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M A I NLI NE newspapers

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Board of Education discusses standardized testing impacts Vol. 160 No. 32

USPS 166680

By Evan Novella

for Mainline Newspapers

The average per day salary of substitute teacher took a positive leap from $75 to $85 effective at the start of the 2014-2015 tenative school year. Just as well, as several new items on the Central Cambria School District’s agenda were added to next year’s list, beginning with the application of new tests for the students in the coming years. The number of required statewide student tests is expected to increase in the coming school years as well, reaching as high as five (with an additional five as possible options for students that need them) by the 2020-

Ebensburg, Pa.

2021 school year for all Pennsylvania districts, including local ones such as Central Cambria. The board members discussed the possibility of the increasing number of exams for their students, which went from one to two, and soon three, within the last few years, with the additional third exam being placed with the current PSSAs and Keystone tests. Concern was raised for the number of tests and how they directly affect the core curriculum for the district, the number of which Policy Committee Associate Geoffrey Pablic called “staggering,” with the seemingly cumbersome amount of exams the students will need

Thursday, March 20, 2014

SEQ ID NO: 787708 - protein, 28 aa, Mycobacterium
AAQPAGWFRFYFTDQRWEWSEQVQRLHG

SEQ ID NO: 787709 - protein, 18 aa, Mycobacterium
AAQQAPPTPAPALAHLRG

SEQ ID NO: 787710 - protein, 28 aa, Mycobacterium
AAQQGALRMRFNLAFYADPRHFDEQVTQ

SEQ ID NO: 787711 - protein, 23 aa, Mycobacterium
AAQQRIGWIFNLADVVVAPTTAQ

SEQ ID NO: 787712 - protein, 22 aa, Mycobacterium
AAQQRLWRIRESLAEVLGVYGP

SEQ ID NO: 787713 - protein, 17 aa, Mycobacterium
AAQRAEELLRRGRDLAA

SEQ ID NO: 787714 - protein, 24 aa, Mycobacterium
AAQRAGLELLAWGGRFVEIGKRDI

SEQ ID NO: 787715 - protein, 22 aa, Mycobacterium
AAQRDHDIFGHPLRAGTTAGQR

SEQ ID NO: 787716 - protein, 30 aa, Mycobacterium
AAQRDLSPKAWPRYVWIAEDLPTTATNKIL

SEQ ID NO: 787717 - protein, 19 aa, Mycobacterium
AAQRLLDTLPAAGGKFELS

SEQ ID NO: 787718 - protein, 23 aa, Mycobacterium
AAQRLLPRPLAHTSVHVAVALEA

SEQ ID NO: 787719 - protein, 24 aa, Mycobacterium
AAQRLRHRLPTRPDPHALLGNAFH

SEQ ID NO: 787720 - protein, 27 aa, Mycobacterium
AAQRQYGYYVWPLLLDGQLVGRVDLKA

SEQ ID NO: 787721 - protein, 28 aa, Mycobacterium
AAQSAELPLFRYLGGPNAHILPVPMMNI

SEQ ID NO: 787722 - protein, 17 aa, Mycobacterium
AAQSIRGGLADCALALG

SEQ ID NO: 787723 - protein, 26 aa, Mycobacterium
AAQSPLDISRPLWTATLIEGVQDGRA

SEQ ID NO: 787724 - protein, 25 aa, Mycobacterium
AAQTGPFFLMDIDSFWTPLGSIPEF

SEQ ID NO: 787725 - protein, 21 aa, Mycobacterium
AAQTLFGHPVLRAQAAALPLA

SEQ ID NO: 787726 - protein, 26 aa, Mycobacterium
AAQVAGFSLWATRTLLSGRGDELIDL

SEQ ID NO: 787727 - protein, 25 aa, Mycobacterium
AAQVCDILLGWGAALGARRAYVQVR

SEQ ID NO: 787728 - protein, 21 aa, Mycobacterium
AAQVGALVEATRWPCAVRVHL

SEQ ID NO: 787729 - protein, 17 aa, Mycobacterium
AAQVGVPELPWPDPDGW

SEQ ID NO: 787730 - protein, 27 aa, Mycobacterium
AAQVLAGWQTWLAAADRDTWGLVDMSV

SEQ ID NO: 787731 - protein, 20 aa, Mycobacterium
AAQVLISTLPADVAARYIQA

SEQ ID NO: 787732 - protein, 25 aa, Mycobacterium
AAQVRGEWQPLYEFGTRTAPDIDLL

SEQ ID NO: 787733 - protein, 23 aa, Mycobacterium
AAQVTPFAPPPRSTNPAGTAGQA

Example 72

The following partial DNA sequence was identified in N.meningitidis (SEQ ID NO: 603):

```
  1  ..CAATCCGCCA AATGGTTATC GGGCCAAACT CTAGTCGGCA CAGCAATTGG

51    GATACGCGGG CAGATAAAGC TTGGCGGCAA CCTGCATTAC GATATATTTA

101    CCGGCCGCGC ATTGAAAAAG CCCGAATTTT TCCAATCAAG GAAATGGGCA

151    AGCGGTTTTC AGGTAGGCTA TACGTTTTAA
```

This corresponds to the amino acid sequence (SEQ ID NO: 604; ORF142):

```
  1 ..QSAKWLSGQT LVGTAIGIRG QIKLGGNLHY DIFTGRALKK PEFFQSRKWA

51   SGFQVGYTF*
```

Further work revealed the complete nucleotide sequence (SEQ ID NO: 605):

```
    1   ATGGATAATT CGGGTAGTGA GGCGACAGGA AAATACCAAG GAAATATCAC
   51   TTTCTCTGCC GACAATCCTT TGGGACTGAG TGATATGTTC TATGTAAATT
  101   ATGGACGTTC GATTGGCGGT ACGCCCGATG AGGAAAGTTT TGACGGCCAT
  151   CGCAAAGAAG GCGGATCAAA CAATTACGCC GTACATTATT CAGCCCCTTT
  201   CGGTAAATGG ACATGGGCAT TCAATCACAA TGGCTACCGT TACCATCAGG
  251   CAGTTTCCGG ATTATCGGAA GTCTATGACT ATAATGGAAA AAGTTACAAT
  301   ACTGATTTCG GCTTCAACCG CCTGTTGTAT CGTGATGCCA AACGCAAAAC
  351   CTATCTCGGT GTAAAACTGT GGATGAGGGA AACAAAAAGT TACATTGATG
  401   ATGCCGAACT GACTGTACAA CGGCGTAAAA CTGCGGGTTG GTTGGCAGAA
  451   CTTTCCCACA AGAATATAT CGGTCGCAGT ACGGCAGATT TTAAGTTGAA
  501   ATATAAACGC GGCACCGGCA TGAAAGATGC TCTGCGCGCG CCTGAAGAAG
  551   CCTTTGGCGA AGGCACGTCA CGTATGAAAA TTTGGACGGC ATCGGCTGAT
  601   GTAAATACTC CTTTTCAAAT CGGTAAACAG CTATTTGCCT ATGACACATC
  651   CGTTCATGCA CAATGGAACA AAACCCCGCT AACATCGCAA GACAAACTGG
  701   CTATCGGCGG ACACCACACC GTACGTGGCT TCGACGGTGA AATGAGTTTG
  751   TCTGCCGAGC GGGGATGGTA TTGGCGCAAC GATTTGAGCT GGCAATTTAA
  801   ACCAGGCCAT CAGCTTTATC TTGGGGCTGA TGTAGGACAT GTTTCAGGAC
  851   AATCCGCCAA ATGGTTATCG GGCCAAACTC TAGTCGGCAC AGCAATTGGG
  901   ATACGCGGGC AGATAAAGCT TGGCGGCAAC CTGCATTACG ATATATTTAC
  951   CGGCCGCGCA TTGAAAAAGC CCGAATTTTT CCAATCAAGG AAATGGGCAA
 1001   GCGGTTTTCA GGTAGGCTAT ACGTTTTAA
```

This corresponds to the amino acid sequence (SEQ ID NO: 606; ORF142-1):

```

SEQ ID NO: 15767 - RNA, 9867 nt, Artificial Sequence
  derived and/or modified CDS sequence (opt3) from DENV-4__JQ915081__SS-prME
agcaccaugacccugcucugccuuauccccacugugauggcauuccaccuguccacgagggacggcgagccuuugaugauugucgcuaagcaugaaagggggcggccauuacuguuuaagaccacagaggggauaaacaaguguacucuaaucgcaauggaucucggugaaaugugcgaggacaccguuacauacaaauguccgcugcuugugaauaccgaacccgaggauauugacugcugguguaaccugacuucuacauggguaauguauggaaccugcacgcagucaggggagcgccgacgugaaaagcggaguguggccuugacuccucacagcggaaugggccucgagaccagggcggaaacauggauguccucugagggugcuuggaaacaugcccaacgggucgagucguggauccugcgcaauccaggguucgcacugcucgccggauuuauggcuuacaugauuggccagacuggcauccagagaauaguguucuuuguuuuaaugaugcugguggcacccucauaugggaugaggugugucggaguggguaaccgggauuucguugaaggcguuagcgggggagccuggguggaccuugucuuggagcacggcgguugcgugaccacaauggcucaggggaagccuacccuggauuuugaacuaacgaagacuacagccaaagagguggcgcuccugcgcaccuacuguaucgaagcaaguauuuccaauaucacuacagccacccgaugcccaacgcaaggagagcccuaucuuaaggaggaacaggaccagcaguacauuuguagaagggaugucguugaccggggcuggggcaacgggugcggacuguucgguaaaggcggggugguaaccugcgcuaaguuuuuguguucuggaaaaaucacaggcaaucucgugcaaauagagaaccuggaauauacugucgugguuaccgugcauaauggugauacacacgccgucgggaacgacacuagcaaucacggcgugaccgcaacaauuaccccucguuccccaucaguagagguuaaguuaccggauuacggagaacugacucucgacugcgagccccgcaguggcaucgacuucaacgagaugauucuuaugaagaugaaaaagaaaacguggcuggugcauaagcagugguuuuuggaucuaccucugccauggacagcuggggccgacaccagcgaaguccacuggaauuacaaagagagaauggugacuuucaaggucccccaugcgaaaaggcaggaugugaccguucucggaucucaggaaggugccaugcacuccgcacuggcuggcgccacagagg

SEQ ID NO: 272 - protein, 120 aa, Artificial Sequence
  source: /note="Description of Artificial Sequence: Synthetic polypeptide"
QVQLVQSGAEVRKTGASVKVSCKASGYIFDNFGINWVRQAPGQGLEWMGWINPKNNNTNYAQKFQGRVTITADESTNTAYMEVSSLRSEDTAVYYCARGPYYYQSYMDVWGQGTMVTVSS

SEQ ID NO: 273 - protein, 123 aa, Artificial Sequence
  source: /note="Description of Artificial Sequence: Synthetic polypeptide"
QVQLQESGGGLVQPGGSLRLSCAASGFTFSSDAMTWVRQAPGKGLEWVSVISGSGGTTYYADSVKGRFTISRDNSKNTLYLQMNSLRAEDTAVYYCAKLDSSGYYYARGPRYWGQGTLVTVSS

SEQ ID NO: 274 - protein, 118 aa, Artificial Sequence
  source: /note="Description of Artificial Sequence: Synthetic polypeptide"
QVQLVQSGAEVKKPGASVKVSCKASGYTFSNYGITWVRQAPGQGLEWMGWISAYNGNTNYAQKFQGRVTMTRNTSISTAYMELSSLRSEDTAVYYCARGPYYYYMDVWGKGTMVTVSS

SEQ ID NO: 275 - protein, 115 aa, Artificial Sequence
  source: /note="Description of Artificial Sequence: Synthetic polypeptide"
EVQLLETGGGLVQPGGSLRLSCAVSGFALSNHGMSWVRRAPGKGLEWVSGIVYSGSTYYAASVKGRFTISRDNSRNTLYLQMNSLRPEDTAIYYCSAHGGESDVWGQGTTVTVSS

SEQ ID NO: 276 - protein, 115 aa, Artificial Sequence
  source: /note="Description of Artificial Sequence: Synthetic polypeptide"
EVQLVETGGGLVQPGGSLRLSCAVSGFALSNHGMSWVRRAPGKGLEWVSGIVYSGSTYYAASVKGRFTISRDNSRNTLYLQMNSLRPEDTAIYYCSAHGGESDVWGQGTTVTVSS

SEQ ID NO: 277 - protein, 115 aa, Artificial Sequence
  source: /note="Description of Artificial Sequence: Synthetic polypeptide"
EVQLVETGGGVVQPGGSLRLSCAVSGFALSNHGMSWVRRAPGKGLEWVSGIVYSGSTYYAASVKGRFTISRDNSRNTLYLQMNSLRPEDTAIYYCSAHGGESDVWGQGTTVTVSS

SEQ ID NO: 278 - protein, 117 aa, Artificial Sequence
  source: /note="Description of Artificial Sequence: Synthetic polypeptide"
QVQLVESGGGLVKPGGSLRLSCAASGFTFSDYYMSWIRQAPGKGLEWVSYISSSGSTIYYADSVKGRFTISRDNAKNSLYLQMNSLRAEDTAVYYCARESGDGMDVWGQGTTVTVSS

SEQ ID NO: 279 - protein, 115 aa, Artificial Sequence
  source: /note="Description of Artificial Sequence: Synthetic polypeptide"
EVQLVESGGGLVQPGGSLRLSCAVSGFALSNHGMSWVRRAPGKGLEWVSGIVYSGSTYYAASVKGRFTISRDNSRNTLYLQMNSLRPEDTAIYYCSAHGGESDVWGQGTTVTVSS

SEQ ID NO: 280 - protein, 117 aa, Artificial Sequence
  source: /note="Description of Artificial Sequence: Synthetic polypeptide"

to take during the year. “The preparation for the Keystones and PSSAs alone is heavy on the students’ workload. To add even more to the kids’ plates is a very daunting task for the teachers,” Pablic said.

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Pablic also went on to say that the amount of time needed to teach the students the planned curriculum, and at the same time prepare them for every one of the possible tests (Keystones and PSSAs mainly focus on the

32 Pages

core basics — mathematics, reading and science), may be prohibitive, although the issue with the core basics lies within the introduction of the number SEE TESTING, PAGE 3A

Cambria supervisors discuss bids, permits By Cortney Mason

for Mainline Newspapers

On March 10, the Cambria Township supervisors began their meeting by approving the minutes from the previous regular meeting held on, Monday Feb. 24, to finalize the previous minutes and invoices and have a goal for finalization, for these minutes, at the March planning commission meeting. Open bids have been placed on various stone, limestone, gas, and diesel. Various forms of limestone were at a bid of $72,082.52; 2-A Slag and 2-a Limestone was at $6,200 for 500 lbs. of limestone and 2A slag is $5,200; heat and fuel is $94,349.30; gasoline is $3.05 and diesel is $3.78; and anti-skid Material is $18,750. The bids were motioned and seconded by the supervisors. Robert Shook, supervisor, made a motion to sign the non-building lot waiver for the Koban Subdivision. Tim Bracken, vice chairman, seconded the motion to sign. Keith Vasas, engineer, and Denny Govachini, solicitor, said to extend the request for a 90-day extension from Copart. The new expiration date is June 9. The supervisors discussed the change of meeting for April. The regular meeting of Monday, April 14, will be changed to Friday, April 11. A motion was made for the approval of the budget and treasurer’s report. There was a first and second motion, from Hoover and Bracken, to approve the bills owed and payroll as well. As the meeting continued, Vasas talked about the PNG facilities. The two pieces of the project are the Lakeview Road installation and the other is out to Cambria Care. Vasas said, “This project can be independent of the one to Cambria Care.” The requirements are met for the